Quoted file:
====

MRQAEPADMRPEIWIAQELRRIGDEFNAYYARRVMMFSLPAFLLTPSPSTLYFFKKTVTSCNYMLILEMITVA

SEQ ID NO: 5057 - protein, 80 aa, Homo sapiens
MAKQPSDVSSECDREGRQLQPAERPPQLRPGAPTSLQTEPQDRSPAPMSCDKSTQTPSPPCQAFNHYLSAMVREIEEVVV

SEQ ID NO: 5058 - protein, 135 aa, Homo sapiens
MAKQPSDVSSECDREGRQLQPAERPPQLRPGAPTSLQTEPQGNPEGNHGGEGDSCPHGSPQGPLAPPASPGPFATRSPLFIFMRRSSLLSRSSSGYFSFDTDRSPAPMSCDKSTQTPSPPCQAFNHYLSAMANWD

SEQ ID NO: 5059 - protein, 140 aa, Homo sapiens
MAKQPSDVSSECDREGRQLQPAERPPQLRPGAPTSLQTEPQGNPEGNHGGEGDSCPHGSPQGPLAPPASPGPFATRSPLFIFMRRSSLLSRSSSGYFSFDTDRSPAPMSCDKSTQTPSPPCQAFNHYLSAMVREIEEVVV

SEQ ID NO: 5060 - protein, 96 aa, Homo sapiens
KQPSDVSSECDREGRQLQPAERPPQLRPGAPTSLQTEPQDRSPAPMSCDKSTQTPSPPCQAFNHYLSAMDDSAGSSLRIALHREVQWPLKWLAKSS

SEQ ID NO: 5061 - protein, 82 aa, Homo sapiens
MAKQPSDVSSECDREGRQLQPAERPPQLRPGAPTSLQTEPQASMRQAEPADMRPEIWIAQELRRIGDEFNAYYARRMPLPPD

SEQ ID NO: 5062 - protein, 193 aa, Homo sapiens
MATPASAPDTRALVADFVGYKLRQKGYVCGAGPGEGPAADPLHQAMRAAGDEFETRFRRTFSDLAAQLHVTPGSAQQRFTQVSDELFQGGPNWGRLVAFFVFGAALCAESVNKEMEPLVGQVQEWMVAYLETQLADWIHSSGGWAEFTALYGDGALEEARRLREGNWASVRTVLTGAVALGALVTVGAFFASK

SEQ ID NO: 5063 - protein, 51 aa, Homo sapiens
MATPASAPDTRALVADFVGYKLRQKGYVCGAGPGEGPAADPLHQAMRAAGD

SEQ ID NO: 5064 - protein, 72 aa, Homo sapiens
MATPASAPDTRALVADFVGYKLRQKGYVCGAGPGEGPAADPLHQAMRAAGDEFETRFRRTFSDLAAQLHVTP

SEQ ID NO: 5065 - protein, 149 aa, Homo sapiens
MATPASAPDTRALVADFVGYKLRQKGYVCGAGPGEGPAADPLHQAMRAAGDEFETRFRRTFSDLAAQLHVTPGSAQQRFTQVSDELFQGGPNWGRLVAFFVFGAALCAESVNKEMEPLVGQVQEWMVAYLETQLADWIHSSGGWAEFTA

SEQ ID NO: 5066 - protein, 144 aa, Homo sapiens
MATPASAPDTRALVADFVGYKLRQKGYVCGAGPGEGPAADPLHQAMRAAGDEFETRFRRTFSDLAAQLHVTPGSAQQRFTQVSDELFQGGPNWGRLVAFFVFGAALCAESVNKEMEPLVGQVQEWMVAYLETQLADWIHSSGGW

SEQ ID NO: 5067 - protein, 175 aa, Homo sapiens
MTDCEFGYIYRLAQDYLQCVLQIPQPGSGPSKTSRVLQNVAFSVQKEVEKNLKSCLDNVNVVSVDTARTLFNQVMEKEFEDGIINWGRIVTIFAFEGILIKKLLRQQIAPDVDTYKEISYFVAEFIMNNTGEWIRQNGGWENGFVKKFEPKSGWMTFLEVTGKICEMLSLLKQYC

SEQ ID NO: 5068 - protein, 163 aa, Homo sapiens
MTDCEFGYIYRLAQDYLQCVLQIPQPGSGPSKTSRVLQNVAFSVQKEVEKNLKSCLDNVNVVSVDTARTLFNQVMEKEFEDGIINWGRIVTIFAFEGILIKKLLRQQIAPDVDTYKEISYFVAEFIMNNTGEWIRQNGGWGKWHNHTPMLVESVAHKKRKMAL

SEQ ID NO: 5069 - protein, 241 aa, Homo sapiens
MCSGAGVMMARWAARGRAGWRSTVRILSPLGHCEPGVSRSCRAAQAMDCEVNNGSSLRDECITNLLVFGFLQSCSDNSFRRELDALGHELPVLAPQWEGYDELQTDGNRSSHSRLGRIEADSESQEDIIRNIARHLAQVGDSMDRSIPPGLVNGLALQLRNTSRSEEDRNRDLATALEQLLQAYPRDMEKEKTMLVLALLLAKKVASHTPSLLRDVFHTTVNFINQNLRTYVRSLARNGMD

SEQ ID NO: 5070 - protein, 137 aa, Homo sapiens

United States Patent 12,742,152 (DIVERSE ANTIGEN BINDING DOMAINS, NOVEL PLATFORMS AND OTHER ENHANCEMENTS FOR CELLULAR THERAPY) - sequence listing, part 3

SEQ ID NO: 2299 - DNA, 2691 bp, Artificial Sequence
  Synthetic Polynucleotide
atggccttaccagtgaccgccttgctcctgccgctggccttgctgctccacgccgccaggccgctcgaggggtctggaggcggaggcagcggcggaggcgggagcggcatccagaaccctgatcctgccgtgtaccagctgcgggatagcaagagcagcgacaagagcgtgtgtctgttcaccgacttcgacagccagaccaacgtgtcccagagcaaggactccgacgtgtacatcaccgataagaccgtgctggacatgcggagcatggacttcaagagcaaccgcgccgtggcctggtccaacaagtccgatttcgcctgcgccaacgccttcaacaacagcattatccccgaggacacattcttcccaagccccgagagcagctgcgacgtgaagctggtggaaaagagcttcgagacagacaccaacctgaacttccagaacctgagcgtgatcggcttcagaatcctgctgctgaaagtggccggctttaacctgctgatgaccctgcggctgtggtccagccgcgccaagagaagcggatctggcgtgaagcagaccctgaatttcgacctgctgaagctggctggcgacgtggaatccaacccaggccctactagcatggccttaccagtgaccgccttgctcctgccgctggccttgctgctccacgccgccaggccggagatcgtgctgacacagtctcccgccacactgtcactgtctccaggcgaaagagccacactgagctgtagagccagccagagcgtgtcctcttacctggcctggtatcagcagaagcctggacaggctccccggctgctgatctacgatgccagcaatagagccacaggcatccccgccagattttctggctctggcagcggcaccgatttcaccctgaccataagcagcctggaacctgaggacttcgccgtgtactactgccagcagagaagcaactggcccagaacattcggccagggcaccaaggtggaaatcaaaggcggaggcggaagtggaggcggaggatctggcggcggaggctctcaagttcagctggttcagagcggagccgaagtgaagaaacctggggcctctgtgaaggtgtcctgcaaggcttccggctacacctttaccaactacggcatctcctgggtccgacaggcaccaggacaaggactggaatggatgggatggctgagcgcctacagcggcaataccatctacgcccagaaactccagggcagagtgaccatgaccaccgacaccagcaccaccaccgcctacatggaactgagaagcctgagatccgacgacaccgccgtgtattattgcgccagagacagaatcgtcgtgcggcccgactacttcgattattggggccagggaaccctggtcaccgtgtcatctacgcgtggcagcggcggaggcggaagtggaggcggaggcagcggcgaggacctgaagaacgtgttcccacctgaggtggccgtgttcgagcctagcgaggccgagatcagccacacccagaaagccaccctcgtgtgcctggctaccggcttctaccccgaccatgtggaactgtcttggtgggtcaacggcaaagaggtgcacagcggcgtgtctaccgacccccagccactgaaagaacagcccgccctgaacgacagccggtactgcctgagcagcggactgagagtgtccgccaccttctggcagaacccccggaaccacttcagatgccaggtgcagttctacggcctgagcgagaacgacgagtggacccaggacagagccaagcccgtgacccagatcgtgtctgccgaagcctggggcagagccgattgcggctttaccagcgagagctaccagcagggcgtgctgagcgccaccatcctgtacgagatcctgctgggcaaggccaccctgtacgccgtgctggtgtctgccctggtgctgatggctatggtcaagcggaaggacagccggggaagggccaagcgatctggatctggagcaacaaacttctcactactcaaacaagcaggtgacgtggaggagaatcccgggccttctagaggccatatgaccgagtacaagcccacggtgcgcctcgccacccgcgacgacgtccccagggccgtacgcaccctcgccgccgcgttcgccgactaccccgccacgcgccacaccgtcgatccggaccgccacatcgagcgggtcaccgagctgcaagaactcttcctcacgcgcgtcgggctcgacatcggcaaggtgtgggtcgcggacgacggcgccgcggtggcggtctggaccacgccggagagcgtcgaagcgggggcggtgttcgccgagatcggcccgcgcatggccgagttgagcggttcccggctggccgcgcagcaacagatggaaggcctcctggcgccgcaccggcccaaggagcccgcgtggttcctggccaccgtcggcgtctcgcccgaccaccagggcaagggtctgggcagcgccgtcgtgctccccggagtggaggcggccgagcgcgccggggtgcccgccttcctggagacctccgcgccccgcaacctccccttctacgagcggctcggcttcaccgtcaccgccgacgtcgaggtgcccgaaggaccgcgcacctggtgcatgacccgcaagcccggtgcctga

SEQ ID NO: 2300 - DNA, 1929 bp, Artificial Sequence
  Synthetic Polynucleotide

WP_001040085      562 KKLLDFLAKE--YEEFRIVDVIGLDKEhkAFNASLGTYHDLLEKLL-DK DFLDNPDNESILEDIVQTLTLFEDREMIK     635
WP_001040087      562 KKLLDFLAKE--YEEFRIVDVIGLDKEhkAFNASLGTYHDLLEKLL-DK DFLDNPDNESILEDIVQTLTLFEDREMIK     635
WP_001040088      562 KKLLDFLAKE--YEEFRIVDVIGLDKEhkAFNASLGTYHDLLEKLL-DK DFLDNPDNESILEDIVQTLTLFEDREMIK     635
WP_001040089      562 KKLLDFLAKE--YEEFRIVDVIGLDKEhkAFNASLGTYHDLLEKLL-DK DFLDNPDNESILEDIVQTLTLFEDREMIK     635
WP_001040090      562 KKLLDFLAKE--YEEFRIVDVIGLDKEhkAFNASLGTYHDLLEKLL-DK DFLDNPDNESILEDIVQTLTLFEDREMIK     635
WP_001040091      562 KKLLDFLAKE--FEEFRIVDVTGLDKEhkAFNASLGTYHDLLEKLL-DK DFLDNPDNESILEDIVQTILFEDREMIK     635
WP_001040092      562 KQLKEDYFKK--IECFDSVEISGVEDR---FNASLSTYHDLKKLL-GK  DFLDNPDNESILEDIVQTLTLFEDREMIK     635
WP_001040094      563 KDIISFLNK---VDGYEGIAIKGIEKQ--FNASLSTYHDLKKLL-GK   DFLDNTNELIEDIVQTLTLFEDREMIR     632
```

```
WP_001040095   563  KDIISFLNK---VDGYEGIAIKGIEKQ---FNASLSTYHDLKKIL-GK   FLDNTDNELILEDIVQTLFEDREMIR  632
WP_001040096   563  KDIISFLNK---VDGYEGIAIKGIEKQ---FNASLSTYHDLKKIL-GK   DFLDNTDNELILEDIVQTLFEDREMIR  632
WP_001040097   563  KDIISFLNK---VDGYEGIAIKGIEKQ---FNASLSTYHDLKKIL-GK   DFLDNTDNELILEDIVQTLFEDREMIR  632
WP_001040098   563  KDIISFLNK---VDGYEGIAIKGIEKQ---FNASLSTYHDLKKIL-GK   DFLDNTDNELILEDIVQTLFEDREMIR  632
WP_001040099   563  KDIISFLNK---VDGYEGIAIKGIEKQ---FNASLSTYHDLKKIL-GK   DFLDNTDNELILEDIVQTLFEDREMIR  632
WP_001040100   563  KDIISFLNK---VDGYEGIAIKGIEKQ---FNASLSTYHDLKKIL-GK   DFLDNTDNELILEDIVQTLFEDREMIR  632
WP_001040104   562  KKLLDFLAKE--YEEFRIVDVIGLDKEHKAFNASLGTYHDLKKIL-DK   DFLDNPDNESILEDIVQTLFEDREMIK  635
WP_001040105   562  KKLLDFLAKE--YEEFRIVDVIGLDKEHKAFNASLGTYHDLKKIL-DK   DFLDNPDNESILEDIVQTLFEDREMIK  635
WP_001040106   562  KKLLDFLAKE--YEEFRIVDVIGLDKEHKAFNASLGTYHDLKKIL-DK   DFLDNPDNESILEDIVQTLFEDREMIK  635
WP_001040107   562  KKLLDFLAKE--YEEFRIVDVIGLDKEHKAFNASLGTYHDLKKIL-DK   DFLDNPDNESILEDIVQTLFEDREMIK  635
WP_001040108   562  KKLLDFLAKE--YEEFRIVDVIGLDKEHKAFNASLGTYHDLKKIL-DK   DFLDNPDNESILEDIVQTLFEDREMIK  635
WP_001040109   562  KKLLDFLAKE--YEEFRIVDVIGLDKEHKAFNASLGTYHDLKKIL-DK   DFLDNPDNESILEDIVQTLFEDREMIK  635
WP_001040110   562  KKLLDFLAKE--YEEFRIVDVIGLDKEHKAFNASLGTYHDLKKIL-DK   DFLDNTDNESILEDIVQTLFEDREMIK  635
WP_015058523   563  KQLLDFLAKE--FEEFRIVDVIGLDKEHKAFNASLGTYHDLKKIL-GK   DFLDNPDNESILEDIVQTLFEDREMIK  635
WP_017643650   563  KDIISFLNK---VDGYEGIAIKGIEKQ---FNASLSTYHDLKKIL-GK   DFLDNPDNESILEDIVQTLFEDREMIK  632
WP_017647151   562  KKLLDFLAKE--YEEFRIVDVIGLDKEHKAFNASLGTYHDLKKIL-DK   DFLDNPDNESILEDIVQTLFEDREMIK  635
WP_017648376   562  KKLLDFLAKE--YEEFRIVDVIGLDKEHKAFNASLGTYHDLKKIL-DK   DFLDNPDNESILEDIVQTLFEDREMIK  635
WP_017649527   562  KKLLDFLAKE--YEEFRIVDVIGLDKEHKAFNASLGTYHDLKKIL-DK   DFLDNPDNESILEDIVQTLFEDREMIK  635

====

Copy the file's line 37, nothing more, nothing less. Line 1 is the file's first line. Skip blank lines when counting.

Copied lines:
WP_001040088      562 KKLLDFLAKE--YEEFRIVDVIGLDKEhkAFNASLGTYHDLLEKLL-DK DFLDNPDNESILEDIVQTLTLFEDREMIK     635